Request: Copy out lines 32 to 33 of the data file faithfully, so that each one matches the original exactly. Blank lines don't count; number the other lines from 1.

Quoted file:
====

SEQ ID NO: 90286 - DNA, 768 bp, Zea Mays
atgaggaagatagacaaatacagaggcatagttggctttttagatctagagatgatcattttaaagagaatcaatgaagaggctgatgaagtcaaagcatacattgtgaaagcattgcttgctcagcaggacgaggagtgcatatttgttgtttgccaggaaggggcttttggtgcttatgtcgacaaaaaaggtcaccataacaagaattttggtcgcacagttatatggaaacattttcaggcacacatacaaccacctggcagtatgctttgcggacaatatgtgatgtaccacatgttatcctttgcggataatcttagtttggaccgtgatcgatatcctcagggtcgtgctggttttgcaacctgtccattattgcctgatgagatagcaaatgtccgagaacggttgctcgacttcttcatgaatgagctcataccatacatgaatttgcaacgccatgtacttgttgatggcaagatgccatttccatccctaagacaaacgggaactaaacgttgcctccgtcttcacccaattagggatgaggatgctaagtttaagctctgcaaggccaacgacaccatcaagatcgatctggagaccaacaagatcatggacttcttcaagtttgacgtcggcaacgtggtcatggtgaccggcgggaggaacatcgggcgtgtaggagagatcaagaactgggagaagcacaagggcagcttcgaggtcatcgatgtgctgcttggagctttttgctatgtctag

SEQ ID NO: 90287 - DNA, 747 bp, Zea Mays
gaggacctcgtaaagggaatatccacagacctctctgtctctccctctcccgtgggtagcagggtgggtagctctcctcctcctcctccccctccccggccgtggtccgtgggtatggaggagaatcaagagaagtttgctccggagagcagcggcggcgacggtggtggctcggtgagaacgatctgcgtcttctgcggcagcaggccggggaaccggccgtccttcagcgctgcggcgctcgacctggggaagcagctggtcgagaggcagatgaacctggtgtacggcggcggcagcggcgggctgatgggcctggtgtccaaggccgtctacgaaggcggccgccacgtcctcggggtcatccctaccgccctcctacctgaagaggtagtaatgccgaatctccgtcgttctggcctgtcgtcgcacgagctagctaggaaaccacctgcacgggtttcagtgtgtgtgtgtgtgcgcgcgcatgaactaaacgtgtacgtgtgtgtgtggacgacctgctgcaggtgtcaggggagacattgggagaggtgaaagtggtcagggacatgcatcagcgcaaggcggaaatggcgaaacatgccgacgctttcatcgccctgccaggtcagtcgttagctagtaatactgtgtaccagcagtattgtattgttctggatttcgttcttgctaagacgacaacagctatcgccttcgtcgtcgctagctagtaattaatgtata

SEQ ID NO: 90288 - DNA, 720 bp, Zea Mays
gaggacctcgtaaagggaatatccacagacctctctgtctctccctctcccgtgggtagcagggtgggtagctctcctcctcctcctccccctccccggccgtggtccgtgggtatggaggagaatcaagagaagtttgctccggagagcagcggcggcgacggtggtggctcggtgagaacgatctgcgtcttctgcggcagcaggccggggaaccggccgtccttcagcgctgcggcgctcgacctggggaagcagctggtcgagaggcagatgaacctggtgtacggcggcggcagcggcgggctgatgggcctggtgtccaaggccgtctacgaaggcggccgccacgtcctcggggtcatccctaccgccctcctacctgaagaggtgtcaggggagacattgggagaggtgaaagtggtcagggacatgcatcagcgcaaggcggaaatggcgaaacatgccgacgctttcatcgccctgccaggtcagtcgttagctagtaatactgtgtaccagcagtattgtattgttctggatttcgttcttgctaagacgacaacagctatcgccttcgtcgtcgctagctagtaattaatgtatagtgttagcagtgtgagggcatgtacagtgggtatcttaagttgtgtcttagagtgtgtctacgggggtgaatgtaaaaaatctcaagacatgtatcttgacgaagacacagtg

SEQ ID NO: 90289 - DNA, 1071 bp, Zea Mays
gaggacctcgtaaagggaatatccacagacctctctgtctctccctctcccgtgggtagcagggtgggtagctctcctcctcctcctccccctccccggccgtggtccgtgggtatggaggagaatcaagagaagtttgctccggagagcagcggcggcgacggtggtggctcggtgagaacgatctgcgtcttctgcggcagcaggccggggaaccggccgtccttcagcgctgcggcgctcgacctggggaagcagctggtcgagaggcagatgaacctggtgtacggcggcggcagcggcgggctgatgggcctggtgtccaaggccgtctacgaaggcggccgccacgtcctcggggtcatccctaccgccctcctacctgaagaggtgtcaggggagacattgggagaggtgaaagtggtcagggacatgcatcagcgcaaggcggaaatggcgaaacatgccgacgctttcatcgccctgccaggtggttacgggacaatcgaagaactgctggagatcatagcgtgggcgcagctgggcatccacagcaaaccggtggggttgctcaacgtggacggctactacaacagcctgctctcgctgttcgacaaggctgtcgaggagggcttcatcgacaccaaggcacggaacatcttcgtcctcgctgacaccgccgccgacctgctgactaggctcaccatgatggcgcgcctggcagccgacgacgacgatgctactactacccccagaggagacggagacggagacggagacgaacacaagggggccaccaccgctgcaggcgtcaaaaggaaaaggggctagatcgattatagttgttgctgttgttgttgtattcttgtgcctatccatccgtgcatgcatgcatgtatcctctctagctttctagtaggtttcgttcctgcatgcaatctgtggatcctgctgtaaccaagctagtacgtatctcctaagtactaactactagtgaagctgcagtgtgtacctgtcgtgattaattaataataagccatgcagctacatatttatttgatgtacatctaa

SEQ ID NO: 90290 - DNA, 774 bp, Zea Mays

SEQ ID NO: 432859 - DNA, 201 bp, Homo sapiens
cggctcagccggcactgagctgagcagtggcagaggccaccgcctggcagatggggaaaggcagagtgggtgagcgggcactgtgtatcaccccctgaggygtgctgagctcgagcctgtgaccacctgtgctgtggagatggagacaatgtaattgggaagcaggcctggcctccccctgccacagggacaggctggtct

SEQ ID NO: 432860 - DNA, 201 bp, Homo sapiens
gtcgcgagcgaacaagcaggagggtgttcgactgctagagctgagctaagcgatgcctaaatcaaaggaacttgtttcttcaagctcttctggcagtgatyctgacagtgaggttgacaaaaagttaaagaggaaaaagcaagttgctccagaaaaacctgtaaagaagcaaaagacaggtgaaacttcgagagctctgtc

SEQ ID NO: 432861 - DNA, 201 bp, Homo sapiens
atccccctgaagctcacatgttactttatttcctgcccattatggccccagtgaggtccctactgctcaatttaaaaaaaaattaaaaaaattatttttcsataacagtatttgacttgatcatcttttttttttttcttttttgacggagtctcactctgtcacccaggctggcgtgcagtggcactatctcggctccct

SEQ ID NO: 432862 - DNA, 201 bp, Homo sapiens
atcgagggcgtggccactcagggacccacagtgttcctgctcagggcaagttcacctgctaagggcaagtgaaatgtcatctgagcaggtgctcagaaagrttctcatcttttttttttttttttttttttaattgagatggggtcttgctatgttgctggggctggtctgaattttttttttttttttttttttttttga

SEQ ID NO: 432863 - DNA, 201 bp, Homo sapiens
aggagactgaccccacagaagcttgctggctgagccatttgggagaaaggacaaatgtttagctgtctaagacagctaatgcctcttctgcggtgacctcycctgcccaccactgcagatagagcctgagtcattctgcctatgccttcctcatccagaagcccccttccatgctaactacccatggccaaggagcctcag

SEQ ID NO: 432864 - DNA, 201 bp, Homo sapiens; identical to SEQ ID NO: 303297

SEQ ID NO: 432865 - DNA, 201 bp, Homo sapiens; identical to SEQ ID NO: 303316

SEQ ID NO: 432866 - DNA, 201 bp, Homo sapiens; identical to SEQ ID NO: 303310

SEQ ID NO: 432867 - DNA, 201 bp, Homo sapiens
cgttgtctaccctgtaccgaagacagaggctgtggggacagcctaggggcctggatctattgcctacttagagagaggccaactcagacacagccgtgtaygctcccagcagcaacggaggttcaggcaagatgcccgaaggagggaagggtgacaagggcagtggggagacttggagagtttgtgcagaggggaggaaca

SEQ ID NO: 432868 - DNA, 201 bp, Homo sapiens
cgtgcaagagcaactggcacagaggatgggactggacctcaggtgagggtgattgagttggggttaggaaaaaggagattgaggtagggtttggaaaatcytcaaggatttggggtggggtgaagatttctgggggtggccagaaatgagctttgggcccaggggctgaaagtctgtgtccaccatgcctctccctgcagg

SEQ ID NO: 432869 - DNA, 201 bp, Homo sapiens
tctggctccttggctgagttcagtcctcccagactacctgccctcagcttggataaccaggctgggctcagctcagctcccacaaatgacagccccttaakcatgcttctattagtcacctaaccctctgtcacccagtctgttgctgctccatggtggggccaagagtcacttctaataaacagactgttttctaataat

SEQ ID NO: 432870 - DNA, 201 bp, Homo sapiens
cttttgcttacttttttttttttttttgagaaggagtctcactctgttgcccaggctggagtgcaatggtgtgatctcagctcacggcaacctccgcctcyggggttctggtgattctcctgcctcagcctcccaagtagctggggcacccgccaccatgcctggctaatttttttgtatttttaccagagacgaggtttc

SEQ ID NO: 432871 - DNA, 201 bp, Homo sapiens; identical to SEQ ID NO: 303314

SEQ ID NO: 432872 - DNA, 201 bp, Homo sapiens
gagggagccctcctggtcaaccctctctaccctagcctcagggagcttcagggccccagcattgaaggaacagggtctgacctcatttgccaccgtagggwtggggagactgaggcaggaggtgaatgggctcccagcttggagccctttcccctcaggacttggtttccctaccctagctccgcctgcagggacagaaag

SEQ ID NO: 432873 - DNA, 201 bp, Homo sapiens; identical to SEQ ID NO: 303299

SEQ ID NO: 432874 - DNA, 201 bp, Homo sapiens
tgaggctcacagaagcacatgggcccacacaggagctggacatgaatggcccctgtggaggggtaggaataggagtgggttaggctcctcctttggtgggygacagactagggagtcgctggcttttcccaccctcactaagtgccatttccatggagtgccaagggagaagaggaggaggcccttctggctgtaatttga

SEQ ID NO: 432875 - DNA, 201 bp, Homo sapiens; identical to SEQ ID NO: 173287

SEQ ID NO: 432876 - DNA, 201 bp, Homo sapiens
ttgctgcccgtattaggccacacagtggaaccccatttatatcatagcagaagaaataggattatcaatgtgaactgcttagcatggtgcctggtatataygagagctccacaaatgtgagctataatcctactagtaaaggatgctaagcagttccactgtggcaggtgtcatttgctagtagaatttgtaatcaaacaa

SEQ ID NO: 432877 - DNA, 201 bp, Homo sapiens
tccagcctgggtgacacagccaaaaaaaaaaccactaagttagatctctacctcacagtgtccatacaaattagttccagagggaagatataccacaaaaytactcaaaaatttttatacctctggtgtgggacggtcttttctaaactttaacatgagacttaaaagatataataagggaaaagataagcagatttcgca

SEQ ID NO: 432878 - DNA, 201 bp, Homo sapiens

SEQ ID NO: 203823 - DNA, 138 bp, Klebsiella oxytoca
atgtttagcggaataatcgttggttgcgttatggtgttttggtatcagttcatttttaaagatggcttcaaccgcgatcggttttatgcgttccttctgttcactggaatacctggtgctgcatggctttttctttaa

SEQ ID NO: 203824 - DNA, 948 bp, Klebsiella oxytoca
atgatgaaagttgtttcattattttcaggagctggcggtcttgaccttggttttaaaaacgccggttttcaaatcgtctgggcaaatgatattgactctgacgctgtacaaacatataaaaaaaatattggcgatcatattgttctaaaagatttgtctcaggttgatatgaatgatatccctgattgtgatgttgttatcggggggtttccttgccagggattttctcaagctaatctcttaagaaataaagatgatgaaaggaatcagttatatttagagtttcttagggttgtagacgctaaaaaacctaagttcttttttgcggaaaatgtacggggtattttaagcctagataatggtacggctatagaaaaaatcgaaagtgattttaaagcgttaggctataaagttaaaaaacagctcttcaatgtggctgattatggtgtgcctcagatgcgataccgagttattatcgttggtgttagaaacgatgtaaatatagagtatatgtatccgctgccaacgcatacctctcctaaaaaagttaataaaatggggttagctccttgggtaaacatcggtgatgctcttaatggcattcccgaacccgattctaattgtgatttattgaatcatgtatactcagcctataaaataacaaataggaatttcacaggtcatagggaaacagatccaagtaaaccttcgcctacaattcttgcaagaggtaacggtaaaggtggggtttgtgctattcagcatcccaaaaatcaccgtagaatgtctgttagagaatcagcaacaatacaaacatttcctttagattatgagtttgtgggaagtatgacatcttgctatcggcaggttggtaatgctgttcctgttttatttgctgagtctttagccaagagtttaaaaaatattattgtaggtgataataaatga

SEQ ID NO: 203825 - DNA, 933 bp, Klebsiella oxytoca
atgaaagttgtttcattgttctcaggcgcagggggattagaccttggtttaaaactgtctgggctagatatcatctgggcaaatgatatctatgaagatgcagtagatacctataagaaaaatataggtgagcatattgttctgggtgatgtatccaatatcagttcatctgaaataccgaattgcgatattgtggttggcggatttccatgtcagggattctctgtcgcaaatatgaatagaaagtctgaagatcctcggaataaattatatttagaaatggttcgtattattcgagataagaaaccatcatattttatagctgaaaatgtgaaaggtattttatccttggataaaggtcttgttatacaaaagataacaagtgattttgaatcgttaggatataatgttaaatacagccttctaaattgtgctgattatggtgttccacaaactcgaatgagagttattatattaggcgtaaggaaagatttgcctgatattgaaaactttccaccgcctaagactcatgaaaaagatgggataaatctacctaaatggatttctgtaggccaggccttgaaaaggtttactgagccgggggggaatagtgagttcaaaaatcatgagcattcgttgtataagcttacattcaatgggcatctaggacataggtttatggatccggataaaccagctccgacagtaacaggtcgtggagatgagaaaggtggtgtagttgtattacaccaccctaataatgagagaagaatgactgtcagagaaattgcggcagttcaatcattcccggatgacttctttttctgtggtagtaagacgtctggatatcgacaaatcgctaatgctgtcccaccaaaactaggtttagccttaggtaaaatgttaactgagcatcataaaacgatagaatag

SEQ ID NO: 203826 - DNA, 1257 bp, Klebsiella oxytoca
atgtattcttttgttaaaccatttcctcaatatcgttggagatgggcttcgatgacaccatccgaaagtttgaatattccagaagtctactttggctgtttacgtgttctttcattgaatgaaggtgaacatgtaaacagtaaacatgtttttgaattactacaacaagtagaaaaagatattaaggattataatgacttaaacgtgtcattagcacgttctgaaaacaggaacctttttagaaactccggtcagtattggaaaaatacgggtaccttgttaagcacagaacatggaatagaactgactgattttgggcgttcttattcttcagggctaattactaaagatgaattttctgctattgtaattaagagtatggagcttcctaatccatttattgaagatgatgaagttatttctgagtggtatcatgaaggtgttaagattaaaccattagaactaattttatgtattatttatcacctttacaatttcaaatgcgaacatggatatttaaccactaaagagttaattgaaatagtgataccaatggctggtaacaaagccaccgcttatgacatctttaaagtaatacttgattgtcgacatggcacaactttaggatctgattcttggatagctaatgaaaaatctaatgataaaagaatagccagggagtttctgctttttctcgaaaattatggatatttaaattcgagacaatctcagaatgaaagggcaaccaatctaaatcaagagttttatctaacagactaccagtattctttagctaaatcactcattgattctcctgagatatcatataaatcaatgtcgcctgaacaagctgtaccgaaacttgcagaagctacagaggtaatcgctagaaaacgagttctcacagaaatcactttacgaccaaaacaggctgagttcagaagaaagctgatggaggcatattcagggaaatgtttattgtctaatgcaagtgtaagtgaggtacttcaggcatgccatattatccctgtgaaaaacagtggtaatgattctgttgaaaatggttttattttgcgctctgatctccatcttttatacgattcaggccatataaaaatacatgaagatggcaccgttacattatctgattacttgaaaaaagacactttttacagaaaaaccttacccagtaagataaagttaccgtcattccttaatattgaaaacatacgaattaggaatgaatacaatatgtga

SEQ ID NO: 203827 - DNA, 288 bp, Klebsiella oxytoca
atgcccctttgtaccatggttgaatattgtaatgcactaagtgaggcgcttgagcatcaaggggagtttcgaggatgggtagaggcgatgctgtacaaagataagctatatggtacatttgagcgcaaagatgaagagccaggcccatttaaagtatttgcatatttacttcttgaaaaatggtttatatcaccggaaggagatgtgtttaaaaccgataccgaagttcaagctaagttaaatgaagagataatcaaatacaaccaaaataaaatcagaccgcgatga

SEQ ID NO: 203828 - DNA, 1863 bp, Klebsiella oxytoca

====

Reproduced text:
SEQ ID NO: 432872 - DNA, 201 bp, Homo sapiens
gagggagccctcctggtcaaccctctctaccctagcctcagggagcttcagggccccagcattgaaggaacagggtctgacctcatttgccaccgtagggwtggggagactgaggcaggaggtgaatgggctcccagcttggagccctttcccctcaggacttggtttccctaccctagctccgcctgcagggacagaaag